The Boreal Business Forum (originally called the “customer and investor update group”) was created to help achieve Goal 6 of the CBFA.

Two issues are of particular interest to institutional investors. The first is Goal 1, which seeks to ensure that sustainable forest management practices are implemented in the Boreal forest tenures covered by the CBFA. The second is the engagement of CBFA signatories with Aboriginal communities whose rights and title in the Boreal forest could be affected by the agreement in relevant processes, including in the creation of protected areas to be proposed under Goal 2 of the agreement.

Sustainable forest management practices

Under Goal 1, CBFA signatories made a commitment to jointly develop key principles and forest management approaches to achieve ecosystem-based management in Canada’s Boreal forest. The standards of practice will be developed by a small group of experts that will use the Forest Stewardship Council (FSC) National Boreal Standard as a reference point, as well as elements of the three main forest certification systems used in Canada (i.e., those of the FSC, the Sustainable Forestry Initiative (SFI) and the Canadian Standards Association (CSA)) that best embody an ecosystem-based management approach.

Compliance with the standards of practice developed under the CBFA will be independently verified through third-party audits. Since FPAC members’ Boreal tenures are already certified for sustainable forest management to the CSA, SFI or FSC standards, third-party audits related to the CBFA practices will likely be incorporated into the audits under existing certification systems in order to avoid duplication. Most environmental organization signatories expect that the CBFA will enable and prompt signatory companies whose operations are currently not FSC-certified to certify their Boreal tenures to the FSC standard¹. This flows from the expectation that the standards of practice to be developed under the CBFA will be at least as stringent as the FSC National Boreal standard that will serve as their benchmark².

First Nations and the CBFA

Institutional investors will also need to pay special attention to the engagement of CBFA signatories with First Nations, in particular with regard to the development of a network of protected areas across the Boreal forest. While First Nations were not included in the CBFA negotiations, which has been a source of tension between the CBFA and many Aboriginal groups, the agreement explicitly recognizes Aboriginal peoples’ constitutionally protected Aboriginal and treaty rights and title, and stresses that the CBFA is intended to be without prejudice to, and in accordance with, those rights and title. The agreement further states that “FPAC, FPAC Members and ENGOs believe both successful forest conservation and business competitiveness require effective involvement of Aboriginal peoples and their governments. The signatories are committed to such involvement taking place in a manner that is respectful of and engages these Aboriginal rights, title, interests and aspirations.” (CBFA, Art. 8)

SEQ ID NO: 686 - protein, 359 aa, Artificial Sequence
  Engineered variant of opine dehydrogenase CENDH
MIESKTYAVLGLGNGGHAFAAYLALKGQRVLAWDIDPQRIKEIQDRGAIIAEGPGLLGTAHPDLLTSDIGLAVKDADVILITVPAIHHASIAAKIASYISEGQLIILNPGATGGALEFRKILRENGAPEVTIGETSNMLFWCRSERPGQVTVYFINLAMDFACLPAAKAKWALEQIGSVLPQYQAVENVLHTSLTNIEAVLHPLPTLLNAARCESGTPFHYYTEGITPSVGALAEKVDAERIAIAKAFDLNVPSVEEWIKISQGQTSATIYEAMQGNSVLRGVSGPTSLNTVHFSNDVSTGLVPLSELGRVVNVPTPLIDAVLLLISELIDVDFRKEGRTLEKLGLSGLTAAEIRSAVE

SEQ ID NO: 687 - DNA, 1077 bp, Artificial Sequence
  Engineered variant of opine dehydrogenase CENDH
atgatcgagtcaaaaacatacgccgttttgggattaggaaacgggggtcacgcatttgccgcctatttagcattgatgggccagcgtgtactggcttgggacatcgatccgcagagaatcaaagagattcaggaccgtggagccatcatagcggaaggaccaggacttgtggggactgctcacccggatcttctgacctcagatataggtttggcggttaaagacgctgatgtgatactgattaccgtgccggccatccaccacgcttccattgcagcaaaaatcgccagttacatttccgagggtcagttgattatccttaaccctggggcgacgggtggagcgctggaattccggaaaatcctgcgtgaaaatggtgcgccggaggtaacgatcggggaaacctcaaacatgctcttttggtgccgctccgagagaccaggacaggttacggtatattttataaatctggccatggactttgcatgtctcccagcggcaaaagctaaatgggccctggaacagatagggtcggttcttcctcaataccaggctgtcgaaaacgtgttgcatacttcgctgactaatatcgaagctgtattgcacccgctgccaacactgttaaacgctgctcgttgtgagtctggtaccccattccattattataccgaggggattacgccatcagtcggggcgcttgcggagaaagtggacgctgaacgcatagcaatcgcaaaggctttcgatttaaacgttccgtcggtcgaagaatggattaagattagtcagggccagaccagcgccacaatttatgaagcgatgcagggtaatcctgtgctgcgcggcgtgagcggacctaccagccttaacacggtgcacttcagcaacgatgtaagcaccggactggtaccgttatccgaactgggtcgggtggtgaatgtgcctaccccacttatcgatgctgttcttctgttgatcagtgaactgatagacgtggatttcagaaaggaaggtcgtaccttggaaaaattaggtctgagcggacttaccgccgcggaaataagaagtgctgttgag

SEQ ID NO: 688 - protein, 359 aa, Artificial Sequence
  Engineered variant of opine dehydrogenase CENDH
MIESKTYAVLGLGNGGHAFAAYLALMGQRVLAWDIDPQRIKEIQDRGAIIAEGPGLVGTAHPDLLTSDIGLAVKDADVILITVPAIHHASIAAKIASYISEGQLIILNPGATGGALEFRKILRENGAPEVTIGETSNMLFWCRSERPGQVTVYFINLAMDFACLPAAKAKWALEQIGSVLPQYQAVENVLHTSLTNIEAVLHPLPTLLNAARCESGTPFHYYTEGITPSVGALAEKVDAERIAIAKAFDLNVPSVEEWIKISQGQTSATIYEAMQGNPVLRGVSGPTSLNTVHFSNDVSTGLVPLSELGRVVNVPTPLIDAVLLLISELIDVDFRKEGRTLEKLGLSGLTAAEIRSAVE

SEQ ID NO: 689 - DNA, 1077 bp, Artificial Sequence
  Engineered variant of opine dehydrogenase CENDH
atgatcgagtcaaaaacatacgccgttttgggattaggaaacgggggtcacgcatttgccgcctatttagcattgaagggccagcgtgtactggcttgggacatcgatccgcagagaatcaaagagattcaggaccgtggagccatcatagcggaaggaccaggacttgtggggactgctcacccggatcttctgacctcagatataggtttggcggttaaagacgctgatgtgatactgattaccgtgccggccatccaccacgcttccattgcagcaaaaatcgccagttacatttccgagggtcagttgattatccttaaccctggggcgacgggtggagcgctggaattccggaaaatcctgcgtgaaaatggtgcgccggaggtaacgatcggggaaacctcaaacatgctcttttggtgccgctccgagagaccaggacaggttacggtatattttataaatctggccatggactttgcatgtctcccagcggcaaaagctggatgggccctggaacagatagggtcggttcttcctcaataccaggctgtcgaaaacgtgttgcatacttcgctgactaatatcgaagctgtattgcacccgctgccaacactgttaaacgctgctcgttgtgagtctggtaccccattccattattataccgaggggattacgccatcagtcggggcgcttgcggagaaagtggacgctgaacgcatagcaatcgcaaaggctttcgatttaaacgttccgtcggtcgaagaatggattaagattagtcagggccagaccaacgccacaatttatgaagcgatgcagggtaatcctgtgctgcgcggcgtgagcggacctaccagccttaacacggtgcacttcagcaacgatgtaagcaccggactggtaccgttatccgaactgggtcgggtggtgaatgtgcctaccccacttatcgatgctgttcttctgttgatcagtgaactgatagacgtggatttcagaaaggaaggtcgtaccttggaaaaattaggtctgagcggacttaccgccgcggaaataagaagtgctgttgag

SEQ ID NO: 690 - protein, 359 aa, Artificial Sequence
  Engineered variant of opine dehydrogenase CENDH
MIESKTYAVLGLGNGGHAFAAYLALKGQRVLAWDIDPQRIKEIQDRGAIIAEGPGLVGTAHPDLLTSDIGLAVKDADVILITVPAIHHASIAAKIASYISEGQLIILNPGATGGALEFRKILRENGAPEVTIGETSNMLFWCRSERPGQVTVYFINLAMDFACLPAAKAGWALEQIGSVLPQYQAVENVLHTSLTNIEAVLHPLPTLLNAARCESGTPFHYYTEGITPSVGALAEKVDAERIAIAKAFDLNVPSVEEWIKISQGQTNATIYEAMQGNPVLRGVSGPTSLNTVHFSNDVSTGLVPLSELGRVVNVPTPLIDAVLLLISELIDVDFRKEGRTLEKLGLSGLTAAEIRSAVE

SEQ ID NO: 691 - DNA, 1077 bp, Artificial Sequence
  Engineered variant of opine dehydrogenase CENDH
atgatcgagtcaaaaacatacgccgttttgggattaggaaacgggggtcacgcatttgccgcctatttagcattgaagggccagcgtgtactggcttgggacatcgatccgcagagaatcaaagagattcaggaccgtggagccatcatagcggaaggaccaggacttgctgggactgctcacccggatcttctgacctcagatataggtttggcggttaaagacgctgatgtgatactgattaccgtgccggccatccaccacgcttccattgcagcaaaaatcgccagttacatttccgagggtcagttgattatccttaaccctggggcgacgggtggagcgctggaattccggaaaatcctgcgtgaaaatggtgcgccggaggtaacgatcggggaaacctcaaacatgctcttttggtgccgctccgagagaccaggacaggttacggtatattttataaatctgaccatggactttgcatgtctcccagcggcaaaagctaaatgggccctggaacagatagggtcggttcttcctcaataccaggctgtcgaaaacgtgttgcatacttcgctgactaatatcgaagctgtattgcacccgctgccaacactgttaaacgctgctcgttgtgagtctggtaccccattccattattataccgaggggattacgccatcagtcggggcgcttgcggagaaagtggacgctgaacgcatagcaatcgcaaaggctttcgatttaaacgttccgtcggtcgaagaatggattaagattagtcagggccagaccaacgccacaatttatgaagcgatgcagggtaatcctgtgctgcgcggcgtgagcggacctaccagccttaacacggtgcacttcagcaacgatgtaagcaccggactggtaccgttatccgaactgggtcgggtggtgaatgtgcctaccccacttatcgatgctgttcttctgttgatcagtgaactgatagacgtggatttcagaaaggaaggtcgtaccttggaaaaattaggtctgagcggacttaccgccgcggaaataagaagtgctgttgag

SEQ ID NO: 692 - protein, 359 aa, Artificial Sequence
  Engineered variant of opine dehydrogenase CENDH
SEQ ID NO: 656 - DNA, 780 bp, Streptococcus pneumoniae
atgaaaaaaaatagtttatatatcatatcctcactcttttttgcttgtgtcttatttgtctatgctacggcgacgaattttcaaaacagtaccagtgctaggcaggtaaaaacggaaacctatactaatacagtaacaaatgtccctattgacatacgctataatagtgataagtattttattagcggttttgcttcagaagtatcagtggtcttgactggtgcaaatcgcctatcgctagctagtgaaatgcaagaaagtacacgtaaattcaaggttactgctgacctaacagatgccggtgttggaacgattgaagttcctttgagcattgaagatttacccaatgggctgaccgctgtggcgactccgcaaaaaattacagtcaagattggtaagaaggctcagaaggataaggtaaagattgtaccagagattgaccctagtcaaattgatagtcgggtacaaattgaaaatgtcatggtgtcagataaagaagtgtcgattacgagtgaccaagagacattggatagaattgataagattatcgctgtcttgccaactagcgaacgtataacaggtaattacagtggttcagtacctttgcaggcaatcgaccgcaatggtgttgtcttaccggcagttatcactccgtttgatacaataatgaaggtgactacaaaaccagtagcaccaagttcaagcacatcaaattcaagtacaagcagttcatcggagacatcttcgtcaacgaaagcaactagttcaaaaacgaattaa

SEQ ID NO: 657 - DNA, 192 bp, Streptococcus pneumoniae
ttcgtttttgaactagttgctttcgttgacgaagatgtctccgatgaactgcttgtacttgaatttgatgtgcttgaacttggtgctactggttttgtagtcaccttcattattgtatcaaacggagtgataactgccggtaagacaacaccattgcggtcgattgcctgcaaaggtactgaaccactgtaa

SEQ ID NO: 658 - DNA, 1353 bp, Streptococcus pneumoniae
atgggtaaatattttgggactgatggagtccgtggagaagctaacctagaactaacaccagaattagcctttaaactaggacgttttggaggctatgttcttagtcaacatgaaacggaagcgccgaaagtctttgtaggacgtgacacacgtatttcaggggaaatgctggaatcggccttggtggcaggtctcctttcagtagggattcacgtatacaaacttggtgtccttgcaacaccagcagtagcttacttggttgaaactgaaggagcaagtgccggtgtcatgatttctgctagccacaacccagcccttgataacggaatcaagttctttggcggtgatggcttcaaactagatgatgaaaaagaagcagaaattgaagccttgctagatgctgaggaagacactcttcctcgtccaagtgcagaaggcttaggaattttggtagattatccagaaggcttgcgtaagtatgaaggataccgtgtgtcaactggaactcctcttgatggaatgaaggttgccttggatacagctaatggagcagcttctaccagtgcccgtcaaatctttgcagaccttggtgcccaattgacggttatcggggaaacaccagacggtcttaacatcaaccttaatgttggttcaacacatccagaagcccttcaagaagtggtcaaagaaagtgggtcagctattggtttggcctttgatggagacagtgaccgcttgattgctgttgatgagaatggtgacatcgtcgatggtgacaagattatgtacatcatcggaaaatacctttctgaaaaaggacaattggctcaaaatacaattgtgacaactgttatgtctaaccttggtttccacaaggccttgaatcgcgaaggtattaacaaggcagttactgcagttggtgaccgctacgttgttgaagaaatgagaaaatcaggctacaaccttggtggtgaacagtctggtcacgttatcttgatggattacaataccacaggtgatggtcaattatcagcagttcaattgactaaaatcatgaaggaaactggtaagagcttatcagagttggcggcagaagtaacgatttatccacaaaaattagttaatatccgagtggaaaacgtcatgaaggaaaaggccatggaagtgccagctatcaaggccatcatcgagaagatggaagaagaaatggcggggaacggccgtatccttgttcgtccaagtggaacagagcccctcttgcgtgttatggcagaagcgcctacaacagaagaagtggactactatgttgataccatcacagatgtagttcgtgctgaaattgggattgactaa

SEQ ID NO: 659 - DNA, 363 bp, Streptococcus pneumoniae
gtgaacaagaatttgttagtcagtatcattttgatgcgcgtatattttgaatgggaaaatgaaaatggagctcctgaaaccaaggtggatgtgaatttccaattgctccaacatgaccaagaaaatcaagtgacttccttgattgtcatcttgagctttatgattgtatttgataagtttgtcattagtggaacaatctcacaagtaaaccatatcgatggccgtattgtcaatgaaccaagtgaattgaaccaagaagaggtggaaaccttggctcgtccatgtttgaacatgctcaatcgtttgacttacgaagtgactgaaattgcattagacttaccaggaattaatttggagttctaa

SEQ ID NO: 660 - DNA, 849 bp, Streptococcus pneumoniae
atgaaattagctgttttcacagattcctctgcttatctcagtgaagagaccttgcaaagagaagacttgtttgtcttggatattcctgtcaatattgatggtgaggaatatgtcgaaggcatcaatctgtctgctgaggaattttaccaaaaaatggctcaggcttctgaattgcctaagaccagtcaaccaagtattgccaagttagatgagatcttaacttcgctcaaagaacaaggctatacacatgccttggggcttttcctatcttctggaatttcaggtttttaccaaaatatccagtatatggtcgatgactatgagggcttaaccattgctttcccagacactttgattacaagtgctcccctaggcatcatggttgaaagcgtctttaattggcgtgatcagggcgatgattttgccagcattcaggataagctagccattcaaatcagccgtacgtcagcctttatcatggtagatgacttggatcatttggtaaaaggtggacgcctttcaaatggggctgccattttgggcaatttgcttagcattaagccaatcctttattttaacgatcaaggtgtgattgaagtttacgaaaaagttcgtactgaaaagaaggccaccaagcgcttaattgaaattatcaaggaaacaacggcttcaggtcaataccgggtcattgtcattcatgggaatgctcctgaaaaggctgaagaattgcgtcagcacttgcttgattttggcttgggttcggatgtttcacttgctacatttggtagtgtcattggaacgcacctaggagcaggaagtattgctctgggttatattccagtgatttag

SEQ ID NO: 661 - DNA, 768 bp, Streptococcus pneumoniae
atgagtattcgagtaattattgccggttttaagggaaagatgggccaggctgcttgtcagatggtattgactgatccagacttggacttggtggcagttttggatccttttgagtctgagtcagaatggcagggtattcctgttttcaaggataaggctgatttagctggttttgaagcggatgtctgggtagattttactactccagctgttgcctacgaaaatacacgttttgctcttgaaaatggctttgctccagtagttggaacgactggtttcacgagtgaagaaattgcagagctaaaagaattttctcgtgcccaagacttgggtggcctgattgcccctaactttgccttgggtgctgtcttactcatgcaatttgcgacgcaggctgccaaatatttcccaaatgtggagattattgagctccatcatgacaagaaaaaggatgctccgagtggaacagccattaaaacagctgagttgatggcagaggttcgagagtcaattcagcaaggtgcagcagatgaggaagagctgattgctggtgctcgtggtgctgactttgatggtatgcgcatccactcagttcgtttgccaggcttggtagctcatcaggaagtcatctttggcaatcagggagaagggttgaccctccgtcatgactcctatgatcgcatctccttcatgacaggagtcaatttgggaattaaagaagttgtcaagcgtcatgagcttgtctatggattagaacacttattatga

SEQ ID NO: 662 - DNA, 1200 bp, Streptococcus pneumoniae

Under Goal 2 of the CBFA, signatories are “committed to jointly advocating for, and working with governments, Aboriginal groups, communities and stakeholders to accelerate the completion of a network of protected areas networks across Canada’s boreal forests.” (CBFA, Schedule A, Goal 2, Art. 1)

For further details, see:
Canadian Boreal Forest Agreement (CBFA), CBFA text and Media Centre,
http://www.canadianborealforestagreement.com/index.php/en/media/#media-kit

Contact:
Paula Barrios, Research Analyst (SHARE) [email protected] 604.695.2021


¹ See Canadian Boreal Initiative, Press release, “FSC and the Canadian Boreal Forest Agreement” (20 Oct. 2010), online: http://www.borealcanada.ca/pr/10-20-2010-e.php.
² While signatory environmental organizations strongly support FSC, it is recognised that the current version of the FSC National Boreal Standard falls short in addressing concerns related to species at risk such as woodland caribou. The National Boreal Standard is scheduled for review in 2011, and it is anticipated that the process will lead to stronger requirements around species at risk, specifically the woodland caribou. See ibid. and FSC Canada, National Boreal Standard Revision: http://fsccanada.org/borealstandardrevision.htm.